The American Society of Hematology Meeting will take place in New Orleans, December 7 – 10, 2013. The abstracts are available at

OK, finally coming to the end of our review of the small molecule, mostly oral, CLL drugs, highlighting a few impressive studies.

First, the Idelalisib plus Rituxan (Rtx) phase 3 results were posted to late-breaking abstracts (Abstract LBA6). The trial was run in high-risk rrCLL patients, comparing placebo/Rituxan to Idelalisib/Rituxan. The data are summarized here:

The trial was stopped early based on the impressive data, including doubling of survival at 24 weeks. Detailed results should be presented at ASH.

Back to the abstracts:

Karyopharm is presenting Phase 1 results of KPT-330 (Selinexor) in NHL/CLL patients (Abstract #90) and AML patients (Abstract #1440). KPT-330 is an inhibitor of the Exportin/Xpo1 protein, whose normal function is to export tumor suppressor proteins from the cell nucleus. Blocking export of tumor suppressor proteins keeps them active in the nucleus, and induces the death of tumor cells. Xpo1 is mutated in some lymphoma patients, and mutated Xpo1 is associated with poor patient outcome.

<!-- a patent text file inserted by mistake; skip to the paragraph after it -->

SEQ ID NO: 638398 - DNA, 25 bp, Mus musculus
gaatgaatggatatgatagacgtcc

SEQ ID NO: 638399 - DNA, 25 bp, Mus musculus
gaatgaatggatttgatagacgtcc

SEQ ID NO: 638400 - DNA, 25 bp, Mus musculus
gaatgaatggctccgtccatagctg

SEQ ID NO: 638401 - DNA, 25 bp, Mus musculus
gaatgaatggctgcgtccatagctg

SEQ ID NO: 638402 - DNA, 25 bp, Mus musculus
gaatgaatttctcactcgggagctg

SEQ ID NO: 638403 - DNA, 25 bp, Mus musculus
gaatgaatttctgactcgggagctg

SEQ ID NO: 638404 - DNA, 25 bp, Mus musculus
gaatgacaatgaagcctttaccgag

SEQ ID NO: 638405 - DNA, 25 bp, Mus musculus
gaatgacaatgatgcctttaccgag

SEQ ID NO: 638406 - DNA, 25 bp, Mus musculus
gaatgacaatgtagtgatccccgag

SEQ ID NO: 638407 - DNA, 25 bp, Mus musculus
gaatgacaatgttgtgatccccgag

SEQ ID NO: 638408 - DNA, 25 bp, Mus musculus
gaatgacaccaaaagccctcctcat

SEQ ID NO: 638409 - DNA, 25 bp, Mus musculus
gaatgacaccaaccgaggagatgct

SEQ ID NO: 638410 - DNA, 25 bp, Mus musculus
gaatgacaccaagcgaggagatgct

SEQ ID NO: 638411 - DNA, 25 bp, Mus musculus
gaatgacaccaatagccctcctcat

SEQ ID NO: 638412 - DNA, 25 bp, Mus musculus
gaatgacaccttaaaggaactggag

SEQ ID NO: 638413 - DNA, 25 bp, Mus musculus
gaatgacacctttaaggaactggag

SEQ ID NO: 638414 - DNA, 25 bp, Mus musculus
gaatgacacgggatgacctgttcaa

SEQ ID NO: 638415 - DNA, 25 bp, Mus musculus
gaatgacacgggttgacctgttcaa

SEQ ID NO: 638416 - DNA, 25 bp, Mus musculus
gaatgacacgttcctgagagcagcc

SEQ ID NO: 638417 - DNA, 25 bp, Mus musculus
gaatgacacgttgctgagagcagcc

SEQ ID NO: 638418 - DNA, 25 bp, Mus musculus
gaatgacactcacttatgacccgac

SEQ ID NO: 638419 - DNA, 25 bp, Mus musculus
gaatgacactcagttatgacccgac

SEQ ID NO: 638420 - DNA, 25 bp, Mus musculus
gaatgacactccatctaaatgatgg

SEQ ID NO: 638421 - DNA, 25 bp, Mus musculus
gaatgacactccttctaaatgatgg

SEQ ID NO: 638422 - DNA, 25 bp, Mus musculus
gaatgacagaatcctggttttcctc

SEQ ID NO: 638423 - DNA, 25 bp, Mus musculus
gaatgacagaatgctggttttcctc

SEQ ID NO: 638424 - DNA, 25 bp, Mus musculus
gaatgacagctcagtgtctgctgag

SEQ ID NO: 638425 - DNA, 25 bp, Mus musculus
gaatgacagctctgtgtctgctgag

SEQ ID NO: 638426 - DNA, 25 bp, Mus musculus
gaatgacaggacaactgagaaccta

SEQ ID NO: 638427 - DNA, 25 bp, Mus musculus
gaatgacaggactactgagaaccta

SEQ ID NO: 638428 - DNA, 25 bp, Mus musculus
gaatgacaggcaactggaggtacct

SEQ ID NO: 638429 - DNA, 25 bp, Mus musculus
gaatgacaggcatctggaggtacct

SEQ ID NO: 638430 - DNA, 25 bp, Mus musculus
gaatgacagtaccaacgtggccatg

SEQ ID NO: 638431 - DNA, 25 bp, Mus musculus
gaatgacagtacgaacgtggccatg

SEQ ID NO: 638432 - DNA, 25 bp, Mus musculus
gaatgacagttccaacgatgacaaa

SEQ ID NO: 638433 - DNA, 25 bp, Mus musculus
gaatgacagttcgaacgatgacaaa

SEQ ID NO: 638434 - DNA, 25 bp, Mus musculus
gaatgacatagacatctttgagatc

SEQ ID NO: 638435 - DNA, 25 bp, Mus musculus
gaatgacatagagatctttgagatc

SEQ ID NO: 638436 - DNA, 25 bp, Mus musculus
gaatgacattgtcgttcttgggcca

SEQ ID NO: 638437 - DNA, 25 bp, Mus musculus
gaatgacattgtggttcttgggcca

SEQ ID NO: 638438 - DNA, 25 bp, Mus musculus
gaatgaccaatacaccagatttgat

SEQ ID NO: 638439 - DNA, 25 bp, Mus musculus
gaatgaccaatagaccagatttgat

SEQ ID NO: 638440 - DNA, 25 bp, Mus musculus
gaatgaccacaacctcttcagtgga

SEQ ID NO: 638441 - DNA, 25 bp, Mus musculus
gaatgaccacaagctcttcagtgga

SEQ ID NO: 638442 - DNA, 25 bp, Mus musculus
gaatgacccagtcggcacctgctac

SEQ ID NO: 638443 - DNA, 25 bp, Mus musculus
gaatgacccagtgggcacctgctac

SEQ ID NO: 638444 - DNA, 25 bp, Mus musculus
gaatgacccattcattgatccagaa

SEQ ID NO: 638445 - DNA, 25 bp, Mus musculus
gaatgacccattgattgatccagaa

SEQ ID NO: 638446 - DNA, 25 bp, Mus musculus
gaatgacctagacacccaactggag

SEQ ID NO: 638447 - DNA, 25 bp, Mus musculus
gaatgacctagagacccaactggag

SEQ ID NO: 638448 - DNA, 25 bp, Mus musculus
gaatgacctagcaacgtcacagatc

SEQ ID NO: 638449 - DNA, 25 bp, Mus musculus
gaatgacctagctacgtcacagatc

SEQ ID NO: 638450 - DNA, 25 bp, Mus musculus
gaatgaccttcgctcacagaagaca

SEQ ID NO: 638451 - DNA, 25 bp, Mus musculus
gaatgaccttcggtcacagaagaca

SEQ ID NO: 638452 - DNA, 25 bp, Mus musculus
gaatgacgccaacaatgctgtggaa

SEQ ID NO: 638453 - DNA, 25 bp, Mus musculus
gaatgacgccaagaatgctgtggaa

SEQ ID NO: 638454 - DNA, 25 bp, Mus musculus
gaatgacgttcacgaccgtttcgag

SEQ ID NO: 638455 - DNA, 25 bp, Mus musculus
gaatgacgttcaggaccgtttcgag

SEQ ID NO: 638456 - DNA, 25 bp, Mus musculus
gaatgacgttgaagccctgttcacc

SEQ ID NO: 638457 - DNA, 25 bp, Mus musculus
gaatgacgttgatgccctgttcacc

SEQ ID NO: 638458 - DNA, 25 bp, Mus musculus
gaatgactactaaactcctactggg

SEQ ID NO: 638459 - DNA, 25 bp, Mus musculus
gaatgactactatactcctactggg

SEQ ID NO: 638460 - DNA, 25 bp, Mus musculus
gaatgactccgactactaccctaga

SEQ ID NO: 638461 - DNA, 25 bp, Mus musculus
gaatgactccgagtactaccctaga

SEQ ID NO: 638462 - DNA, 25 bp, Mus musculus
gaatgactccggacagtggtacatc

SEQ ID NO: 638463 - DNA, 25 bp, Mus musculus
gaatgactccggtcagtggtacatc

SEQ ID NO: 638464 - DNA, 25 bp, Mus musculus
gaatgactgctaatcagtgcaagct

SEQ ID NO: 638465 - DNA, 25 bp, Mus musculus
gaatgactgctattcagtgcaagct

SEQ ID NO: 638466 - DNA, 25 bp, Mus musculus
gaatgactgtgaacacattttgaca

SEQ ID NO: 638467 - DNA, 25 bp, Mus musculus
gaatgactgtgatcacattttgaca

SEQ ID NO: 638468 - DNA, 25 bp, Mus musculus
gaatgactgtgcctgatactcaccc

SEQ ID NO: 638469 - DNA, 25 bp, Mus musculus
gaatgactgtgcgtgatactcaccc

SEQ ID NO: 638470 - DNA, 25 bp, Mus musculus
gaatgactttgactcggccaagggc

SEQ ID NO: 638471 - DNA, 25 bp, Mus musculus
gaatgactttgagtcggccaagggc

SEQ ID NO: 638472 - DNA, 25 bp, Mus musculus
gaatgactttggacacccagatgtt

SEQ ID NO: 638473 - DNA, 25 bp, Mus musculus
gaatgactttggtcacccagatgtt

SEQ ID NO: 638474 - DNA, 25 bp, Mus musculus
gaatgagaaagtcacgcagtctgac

Patients with advanced NHL or rrCLL, having failed therapy with all available drug classes, were dosed with oral Selinexor. The cohorts include patients refractory to Ibrutinib therapy and refractory to Rituxan plus chemotherapy (R-CHOP). Patients were dosed between 3 – 30 mg/m2 for 8-10 doses per 4-week cycle (NCT01607892). Grade 3/4 AEs were common, including cytopenias. No MTD has been established and dose escalation is continuing. Remarkably, ORR = 80% for all patients that could be evaluated; 20% of patients had PD. These preliminary results in such a high-risk rrNHL/CLL patient population investigators are very encouraging and the investigators will present updated results at the meeting.